news The new LNP Queensland State Government has revealed plans to consolidate eight “outmoded and heavily customised” payroll IT systems into one outsourced system, in a move which will re-ignite the debate over how the state should provide core IT services supporting administrative functions to its various departments and agencies.
In a statement issued on Sunday, Queensland technology minister Ros Bates said her department, Science, IT Arts and Innovation, currently used eight separate government-run payroll systems, with individual agencies Arts Queensland, CITEC, the Office of the Queensland Scientist, Queensland Shared Services, Queensland State Archives and Smart Service Queensland all using different systems.
Bates said that in the coming months the Government would go to market “to replace eight government-run systems with one outsourced system”. “It’s ridiculous that one department has eight standalone payroll systems that don’t talk to each other. I’m planning on bringing the eight payroll systems together,” Bates said.
Bates said that tenders would be called in the coming months for the new standalone system and that all new government tenders would include a small and medium sized enterprise component. “That way we will be boosting the economy in Queensland rather than competing against it” she said.
The payroll systems to be replaced, according to Bates, no longer have the protection of the current software versions and have all been heavily customised to keep them going, making them expensive to run and vulnerable to hackers. The new payroll system would be targeting a non-complex, straight-forward system designed for 9 to 5, Monday to Friday workers.
“Our current systems are akin to driving a 1972 Ford clunker with the original tyres which has missed most of its services,” said Bates. “We are paying IT specialists exorbitant amounts of money to gaffer tape our system so we can pay our staff.” Bates said it was time to create single efficient and cost effective system, adding that the LNP had inherited ‘profound’ problems in IT from the previous Labor administration.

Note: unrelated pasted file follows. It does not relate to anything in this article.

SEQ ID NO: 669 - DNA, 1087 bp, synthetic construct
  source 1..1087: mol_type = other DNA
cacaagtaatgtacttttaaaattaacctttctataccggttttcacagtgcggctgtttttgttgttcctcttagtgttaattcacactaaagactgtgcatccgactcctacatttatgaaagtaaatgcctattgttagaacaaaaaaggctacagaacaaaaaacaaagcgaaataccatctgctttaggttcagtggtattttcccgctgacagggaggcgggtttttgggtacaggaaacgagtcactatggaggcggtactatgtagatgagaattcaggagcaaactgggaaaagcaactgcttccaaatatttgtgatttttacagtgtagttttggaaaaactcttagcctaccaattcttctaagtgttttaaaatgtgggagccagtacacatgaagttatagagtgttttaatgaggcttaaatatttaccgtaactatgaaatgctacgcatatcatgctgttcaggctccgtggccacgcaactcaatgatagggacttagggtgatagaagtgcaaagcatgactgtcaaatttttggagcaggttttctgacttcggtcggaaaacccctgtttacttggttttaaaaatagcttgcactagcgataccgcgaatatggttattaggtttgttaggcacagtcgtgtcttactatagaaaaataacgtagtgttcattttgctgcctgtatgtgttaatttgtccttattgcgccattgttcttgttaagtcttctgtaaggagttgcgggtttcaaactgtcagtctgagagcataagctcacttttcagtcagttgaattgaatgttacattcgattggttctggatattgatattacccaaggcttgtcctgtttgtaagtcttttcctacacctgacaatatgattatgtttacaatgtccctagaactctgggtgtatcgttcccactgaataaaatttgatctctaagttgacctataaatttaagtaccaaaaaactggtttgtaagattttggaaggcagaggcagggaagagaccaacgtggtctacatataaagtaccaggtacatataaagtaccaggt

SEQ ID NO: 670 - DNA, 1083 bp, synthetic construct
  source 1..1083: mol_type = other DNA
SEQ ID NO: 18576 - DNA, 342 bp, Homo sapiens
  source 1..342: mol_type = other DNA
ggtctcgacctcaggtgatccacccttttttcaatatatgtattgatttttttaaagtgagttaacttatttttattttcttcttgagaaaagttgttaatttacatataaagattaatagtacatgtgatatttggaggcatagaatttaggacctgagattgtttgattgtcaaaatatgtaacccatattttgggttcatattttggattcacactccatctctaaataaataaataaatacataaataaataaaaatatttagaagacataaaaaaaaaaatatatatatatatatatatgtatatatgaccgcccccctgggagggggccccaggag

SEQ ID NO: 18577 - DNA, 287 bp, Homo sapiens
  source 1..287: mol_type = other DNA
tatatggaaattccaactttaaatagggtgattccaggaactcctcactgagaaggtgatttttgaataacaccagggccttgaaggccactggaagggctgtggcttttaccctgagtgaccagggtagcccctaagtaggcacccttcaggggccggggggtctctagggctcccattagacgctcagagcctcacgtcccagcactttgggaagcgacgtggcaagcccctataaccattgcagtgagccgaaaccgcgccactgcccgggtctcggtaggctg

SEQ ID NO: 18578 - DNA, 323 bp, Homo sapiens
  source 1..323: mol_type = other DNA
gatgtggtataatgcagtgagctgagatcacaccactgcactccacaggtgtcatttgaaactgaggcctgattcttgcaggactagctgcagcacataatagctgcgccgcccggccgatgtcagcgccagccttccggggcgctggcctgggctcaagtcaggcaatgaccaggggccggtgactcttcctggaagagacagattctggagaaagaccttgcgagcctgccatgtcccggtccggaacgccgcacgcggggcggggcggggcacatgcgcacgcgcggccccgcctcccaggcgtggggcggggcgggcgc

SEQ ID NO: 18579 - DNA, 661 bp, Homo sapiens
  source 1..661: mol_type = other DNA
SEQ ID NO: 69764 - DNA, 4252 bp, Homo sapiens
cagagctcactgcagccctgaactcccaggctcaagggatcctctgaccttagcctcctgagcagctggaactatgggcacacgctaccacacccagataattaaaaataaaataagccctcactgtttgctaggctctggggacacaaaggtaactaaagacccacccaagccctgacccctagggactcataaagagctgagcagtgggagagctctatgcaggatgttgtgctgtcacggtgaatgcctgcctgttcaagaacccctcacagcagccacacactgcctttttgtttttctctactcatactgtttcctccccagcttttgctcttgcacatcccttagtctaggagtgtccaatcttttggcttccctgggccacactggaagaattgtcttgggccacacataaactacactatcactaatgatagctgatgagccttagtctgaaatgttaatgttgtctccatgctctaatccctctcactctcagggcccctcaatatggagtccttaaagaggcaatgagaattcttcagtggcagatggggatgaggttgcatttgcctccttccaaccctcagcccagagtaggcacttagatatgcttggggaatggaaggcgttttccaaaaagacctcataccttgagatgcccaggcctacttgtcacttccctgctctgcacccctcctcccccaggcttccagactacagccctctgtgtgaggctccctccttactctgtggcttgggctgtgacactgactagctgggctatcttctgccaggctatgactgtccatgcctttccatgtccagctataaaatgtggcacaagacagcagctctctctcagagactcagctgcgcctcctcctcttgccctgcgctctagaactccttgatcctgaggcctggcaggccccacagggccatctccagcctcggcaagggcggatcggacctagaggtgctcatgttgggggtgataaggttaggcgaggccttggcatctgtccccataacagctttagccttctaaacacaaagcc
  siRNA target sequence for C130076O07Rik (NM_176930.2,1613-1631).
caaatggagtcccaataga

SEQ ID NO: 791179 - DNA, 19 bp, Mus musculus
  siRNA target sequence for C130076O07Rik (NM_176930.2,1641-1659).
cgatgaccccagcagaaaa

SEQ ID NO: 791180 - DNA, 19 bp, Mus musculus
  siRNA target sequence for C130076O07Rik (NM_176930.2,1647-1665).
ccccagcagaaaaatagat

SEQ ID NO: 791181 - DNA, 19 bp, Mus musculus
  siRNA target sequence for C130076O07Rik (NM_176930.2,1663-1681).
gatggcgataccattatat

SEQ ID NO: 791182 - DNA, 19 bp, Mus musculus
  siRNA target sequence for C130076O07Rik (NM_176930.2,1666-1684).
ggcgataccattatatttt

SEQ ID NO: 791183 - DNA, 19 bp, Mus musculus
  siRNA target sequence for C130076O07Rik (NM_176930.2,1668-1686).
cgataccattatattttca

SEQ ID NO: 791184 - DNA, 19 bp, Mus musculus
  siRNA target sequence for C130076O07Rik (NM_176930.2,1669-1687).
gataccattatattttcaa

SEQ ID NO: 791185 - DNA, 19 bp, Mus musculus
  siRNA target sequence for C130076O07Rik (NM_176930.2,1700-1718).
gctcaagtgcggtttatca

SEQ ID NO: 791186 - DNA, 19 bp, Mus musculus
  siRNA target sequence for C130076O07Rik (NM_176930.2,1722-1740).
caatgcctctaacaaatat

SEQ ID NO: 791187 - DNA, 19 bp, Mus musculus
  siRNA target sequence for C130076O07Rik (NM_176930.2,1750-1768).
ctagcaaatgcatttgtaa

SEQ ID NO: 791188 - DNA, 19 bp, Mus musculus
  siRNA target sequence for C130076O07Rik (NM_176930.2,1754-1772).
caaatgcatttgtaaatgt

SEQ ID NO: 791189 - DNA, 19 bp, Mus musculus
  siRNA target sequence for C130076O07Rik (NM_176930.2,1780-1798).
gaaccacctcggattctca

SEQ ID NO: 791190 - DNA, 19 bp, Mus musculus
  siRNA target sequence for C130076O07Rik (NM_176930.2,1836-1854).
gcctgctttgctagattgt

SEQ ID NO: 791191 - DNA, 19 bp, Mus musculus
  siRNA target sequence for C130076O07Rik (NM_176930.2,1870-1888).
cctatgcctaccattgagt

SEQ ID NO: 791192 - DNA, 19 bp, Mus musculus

However, one major payroll system — that of Queensland Health — will specifically not be included in the consolidation effort. A project to replace Queensland Health’s payroll system was first kicked off in late 2007, when the department determined there was a need to look at a new payroll platform to replace the previous platform, based on Lattice and ESP software, which had been progressively implemented from 1996. Partially as a result of the fact that the state had decided to standardise on SAP’s ECC5 and Infor’s Workbrain software across its whole of government operations, those same platforms were picked for the Queensland Health implementation.
However, the project, implemented by prime contractor IBM, Queensland Health itself and government shared services provider Corptech — quickly went off the rails as poor governance and the complexity of Queensland Health’s award system kicked in, with the result that many of Queensland Health’s 85,000 workers have gone without pay, or were overpaid, at various periods from early 2010, when the system went live.
A KMPG audit into Queensland Health’s payroll disaster found the project has already cost $417 million and will need some $837 million to fix over the next five years, in a finding which the state’s new LNP Health Minister Lawrence Springborg saying in Parliament illustrated that the project was an “abomination”.
Partially because of the Queensland Health issues, in June 2010, then-Queensland Premier Anna Bligh revealed the state would abandon its centralised IT shared services model as its exclusive structure for delivering IT services in the wake of the Queensland Health payroll disaster and damaging revelations of widespread problems in associated programs. Bates’ announcement over the weekend regarding the payroll systems of her portfolio appears to mark somewhat of a return to an IT shared services model, at least with respect to the payroll systems in her department.
Does it feel a little bit to some people out there that history is about to start repeating? With all of the state government IT disasters which Australia has witnessed recently, I find it incredibly hard to believe that the Queensland Government is capable right now of delivering a project which will see eight separate payroll systems consolidated into one — even if that system is outsourced and managed by an external provider.
This is exactly the kind of initiative which has gone wrong, time and time again, in state governments all around Australia, over the past half-decade, and I will be extremely surprised if Bates’ department can deliver this one anywhere near remotely on time or on budget.
If you think I’m being a little bit pessimistic, I encourage you to read a little bit about payroll-related IT shared services initiatives and other similar IT consolidation projects in Western Australia, Victoria, Queensland and New South Wales. You’ll find that virtually none of these projects have succeeded. I expect Bates’ department has a rocky road ahead indeed.
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